On the wide sandy beach I have been photographing dozens of Little Gulls (Hydrocoloeus minutus) for a while against the vast, overwhelmingly expansive sea and a distant dark gray horizon. Then there is also a species of terns. First I have problems with the identification. The beak seems so short and partly curved that I don’t even think of Sandwich Terns (Thalasseus sandvicensis), which are the most likely to be expected here at this time of the year. But the first specimen actually had its lower beak broken off over a remarkable length. The upper beak is considerably longer. Then it is not Sandwich Terns in non-breeding pluamge, but a single specimen of the Gull-billed Tern (Gelochelidon nilotica). I then photograph Little Gulls again and again, which can be admired in all their plumages, some in heavy moult. Some looking pretty ragged. Here, too, there are at least 2 individuals whose lower beak is broken off. Surely that’s not a bad habit here? A little later I actually see Sandwich Terns in non-breeding plumage as well. They stand – defying the wind – together with Black-headed Gulls (Larus ridibundus) on the gently washed beach. The beak of Sandwich Terns looks very different. Some even have the yellow tip. There are also individuals of this species whose lower beak has broken off.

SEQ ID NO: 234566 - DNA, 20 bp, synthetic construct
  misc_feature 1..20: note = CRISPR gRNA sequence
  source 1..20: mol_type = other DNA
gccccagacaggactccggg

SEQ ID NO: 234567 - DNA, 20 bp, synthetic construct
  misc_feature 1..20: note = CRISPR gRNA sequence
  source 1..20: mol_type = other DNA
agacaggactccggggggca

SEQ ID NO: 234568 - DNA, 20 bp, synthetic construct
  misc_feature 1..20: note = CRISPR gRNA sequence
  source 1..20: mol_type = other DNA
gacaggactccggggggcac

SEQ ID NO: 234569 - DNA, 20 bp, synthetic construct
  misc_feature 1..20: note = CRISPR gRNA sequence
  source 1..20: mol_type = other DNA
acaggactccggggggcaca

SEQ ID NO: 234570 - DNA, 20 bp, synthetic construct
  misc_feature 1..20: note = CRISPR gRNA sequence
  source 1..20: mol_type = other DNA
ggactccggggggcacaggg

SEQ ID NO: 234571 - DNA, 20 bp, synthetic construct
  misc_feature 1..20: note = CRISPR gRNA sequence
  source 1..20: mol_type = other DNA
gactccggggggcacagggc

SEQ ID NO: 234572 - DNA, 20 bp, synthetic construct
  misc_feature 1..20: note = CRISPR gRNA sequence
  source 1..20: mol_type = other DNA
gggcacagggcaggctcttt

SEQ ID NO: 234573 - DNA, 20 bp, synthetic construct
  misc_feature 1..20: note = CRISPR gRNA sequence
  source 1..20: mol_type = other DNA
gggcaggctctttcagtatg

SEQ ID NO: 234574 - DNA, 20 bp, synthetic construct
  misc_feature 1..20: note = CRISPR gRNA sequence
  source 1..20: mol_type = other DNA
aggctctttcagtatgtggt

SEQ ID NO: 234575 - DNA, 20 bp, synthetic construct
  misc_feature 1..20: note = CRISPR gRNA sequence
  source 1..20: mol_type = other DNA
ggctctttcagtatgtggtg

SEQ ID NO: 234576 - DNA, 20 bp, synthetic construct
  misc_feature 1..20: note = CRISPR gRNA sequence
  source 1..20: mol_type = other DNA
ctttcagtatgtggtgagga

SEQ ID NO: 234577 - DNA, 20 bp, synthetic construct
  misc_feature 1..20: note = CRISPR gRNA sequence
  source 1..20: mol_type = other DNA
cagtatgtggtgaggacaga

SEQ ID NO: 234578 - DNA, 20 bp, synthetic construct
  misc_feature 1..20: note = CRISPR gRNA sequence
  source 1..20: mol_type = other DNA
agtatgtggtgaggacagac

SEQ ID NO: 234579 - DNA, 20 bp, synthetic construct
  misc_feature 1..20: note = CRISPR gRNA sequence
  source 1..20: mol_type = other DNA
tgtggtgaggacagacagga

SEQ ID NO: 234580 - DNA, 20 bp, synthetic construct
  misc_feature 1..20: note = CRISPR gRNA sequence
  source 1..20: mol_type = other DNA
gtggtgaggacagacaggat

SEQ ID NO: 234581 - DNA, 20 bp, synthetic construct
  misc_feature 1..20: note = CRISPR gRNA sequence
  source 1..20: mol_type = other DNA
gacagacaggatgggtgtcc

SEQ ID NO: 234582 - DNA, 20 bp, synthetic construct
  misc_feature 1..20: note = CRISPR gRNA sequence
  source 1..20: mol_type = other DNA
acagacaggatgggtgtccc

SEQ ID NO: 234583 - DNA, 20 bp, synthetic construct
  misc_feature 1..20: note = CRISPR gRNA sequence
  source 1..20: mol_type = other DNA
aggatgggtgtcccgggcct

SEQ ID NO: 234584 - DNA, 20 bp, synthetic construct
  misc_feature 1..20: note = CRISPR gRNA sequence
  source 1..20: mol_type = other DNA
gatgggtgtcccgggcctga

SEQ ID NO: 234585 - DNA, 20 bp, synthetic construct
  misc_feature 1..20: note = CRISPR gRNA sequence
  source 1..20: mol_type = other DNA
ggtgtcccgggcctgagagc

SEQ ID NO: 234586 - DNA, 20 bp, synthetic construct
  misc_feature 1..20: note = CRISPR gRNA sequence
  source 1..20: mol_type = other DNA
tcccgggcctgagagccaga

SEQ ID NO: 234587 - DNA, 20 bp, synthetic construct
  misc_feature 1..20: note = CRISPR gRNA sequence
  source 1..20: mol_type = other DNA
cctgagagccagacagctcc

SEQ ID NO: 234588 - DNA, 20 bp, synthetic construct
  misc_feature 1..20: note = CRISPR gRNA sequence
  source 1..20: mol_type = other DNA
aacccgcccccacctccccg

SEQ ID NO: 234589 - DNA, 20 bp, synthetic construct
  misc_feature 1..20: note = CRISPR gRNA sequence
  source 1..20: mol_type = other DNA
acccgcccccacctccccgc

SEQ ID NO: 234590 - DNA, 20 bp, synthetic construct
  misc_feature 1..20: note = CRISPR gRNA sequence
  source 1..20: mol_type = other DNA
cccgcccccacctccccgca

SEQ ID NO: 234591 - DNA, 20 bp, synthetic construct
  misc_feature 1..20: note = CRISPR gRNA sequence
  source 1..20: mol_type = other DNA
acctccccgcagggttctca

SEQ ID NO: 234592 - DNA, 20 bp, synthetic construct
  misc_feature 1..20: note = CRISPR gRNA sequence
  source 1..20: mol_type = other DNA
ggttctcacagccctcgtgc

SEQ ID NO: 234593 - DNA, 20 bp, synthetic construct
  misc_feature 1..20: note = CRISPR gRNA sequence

The beak is one of the most important tools birds use to find food sources. This is of course no different with the Gull-billed Terns. It is all the more astonishing how skillfully beak defects are compensated for in affected birds. And the Gull-billed Tern is no exception. But not only the photos in flight make it clear that the Gull-billed Tern is missing the tip of the lower beak. It was obviously broken off.
Beak injuries are not uncommon with birds due to collision accidents (e.g. on window panes) or fights with conspecifics. The effects are different. Splits, cracks or fractures may occur. The latter can lead to the complete breaking off of the upper or lower beak. Beak injuries can be very painful for the affected birds. Because the beak is not just a “dead appendage” of the body. A bone is hidden under the visible part, the beaked horn. The bone is encased in active tissue, which is effectively the growth zone of the beak horn. Layer by layer of the beak horn pushes from the inside outwards. This means that the beak grows back in healthy birds throughout their lives. We know something like this from our fingernails. This regrowth of the beak is possible because the growth zone is heavily supplied with blood. Oxygen and the necessary minerals are transported in the blood to the cells that are responsible for the growth of the beak. If the bone and growth zone is damaged by a fracture or other deep injury, it can be life-threatening for the affected bird.
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